Picking up from the successes of Operation Fiela I, the National Joint Operational and Intelligence Structure (NATJOINTS) will continue to implement the adopted a multi-disciplinary, integrated approach which includes all law enforcement agencies and departments, in enforcing their respective legislative mandates. Operation Fiela II will focus on the prevention and combating of various crime types and addressing the safety concerns of the citizens of the country.

Operation Fiela II will continue to implement the Integrated National Action Plan to Re-asset the Authority of the state to mitigate the increased levels of lawlessness, impunity, intolerance and disregard for the rule of law that was developed in 2015.

The workshop will focus on engaging members of the media on priorities and the strategic thrust of Operation Fiela II.

Source: Government of South Africa

News in Brief 17 January 2018

Humanitarian situation in DRC deteriorates due to enormous funding gap: IOM

The humanitarian situation in the Democratic Republic of the Congo (DRC) is spiralling out of control due to a “massive escalation” of conflict and insecurity, the UN Migration Agency (IOM) said on Wednesday.

Some 4.3 million people are displaced throughout the DRC, 1.7 million of whom were violently forced to flee their homes last year.

IOM representative, Jean-Philippe Chauzy, said that the “recent spike of displacement has made the DRC the country with the highest number of internally displaced people in Africa”.

And he added that the situation is “not only a humanitarian crisis but it’s a protection crisis, as human rights violations are happening every day”.

According to the Office for the Coordination of Humanitarian Affairs (OCHA) one out of seven Congolese will be in need of assistance in 2018, while the number of those relying on aid for their survival is set to double compared to last year, to 10.5 million people.

This massive deterioration in conditions requires considerably more funding: $1.68 billion.

Mr. Chauzy stressed the consequences of failing to increase aid:

“If we don’t get that level of funding then people will die. I have to be clear with this. They will die. I mean, the severe acute malnutrition rates in the Kasai, have increased by 750 per cent. The reason for that is not because of drought or anything, it’s just because people have been displaced so often in the Kasai, they have missed now three planting seasons, and if you don’t provide that kind of food assistance now, to kind of bridge that gap, people who have been living off foraging in the forest, they will suffer, and the most vulnerable will die first. Children will die first. And that’s a fact.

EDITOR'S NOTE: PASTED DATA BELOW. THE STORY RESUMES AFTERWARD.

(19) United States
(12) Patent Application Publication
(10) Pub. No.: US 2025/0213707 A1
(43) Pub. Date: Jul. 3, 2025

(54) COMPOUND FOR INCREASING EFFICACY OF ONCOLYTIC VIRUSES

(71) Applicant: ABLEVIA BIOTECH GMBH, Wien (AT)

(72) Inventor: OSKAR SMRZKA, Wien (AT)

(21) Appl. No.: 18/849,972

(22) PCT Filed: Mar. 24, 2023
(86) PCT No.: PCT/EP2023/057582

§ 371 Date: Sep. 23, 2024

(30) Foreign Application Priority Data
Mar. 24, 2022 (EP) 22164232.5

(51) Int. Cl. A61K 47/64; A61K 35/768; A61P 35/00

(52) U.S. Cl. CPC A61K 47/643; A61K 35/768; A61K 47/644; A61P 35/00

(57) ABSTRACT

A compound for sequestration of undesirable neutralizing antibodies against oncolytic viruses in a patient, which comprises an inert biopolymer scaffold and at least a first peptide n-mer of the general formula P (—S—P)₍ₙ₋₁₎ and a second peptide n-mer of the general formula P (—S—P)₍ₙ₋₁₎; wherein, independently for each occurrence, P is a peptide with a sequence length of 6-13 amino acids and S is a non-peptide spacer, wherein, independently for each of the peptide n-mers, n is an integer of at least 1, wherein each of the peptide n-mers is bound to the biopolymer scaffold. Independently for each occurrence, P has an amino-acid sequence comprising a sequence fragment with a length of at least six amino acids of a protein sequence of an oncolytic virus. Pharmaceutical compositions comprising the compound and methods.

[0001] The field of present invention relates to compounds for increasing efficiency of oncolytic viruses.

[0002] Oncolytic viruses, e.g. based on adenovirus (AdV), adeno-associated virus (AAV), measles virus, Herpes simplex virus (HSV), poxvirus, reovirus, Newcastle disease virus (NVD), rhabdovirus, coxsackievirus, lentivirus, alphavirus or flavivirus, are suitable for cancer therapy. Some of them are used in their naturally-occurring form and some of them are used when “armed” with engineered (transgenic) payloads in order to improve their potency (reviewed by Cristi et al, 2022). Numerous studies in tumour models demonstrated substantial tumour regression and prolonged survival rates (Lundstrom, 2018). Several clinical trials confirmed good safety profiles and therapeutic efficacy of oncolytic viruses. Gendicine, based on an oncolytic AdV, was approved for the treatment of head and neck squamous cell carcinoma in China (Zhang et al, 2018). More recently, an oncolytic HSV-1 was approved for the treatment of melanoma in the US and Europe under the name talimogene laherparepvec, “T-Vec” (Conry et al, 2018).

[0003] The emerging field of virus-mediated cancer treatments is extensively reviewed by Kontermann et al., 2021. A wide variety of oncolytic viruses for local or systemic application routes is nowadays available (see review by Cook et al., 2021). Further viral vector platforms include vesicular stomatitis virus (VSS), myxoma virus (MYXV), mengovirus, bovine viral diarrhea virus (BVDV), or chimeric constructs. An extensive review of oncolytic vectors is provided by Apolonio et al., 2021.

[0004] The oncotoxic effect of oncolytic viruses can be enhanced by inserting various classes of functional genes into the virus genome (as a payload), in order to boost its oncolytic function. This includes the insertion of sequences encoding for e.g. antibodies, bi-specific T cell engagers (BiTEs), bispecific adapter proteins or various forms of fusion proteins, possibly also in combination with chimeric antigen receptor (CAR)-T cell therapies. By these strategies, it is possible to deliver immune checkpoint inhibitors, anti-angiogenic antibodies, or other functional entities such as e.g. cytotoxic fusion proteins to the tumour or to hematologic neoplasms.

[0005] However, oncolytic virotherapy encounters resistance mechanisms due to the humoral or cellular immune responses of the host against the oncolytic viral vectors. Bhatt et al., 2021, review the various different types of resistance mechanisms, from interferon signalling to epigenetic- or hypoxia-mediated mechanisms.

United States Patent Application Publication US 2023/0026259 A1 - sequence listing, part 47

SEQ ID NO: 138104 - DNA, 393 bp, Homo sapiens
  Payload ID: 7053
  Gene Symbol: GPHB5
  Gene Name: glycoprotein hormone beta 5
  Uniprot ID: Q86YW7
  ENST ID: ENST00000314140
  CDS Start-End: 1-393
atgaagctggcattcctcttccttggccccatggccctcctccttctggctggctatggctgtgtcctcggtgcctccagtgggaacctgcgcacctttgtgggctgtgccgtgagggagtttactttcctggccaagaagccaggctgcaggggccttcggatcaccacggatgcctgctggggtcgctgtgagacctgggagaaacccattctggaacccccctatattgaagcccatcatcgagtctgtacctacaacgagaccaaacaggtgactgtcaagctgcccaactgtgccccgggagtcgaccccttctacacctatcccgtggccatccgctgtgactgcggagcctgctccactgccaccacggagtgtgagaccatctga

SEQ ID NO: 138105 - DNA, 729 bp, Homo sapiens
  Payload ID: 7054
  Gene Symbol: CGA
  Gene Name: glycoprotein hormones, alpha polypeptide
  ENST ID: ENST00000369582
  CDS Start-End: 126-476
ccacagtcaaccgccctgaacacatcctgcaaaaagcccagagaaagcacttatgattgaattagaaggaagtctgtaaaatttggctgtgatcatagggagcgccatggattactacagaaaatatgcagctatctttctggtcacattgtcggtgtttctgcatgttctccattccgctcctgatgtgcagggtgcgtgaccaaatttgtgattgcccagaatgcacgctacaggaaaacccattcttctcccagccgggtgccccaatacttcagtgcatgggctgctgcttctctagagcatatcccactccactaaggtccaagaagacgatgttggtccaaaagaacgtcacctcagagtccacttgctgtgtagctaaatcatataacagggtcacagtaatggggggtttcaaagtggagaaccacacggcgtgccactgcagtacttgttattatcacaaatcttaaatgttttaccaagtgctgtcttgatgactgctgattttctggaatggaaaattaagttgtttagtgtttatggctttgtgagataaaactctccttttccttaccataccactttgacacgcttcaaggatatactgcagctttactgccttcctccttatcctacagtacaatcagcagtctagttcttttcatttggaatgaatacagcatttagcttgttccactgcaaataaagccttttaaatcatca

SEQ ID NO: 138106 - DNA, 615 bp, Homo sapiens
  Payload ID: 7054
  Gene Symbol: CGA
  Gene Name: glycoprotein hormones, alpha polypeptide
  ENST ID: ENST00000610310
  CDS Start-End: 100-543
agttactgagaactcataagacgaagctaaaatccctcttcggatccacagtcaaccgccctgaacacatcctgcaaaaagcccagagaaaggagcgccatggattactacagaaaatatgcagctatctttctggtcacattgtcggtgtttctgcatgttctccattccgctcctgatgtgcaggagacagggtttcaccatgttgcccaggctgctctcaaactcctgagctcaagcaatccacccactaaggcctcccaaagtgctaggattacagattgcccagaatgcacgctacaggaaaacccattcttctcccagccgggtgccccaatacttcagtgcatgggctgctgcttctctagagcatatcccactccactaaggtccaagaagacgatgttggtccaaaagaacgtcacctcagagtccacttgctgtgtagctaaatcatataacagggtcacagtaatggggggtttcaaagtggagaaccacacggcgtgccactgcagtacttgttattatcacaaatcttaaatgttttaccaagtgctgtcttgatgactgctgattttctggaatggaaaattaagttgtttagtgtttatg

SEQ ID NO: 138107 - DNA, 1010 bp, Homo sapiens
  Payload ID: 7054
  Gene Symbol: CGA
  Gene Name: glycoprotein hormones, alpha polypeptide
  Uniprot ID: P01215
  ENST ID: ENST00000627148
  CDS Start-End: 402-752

Funding cut creates “dramatic financial crisis” for Palestine refugee agency

Major funding cuts on the part of the United States for the UN Relief and Works Agency for Palestine Refugees (UNRWA) have created the most “dramatic financial crisis” in its history.

That’s according to Pierre KrA�henbuhl, the Commissioner-General of UNRWA, who said the revised US contribution of $60 million, was down from more than $350 million last year.

Mr. KrA�henbuhl noted that the US has consistently been UNRWA’s largest single donor, something he sincerely thanked the American people for.

But he added that the severe cut “threatens one of the most successful and innovative” human development programmes in the Middle East, and would impact the stability of the region.

More details on the UNRWA chief’s statement, from UN Spokesperson Stephane Dujarric.

“He called on the Agency’s partners to rally in support and join UNRWA in creating new funding alliances and initiatives to ensure Palestine Refugee students continue to access education in its schools and the dignity of Palestine refugee children and their families is preserved through all its services. Mr. KrA�henbuhl will launch in the next few days a global fundraising campaign to capture the large-scale commitment to keeping UNRWA schools and clinics open throughout 2018 and beyond.”

Syria’s warring parties invited to Geneva next week for peace talks

The UN Special Envoy for Syria has invited government and opposition leaders to attend a special meeting next week, under the auspices of the stalled UN-backed Geneva peace process.

Separate invitations have been sent to attend the talks, which will be taking place in Austria, on 25 and 26 January.

Veteran envoy Staffan de Mistura said he was looking forward to both delegations taking part and expected they would come “prepared for substantive engagement” with a specific focus on constitutional reform towards a lasting peace settlement.

Here’s Stephane Dujarric again.

“As he prepares for the session in Vienna, the Special Envoy reiterates the view of the United Nations that any political initiative by international actors should be assessed by its ability to contribute to and support the UN-facilitated Geneva political process and the full implementation of resolution 2254The UN in Syria has issued a statement today urging all parties, inside and outside of the country, to prevent further violence and enable humanitarian organizations to access and assist people in need.”

Source: United Nations Radio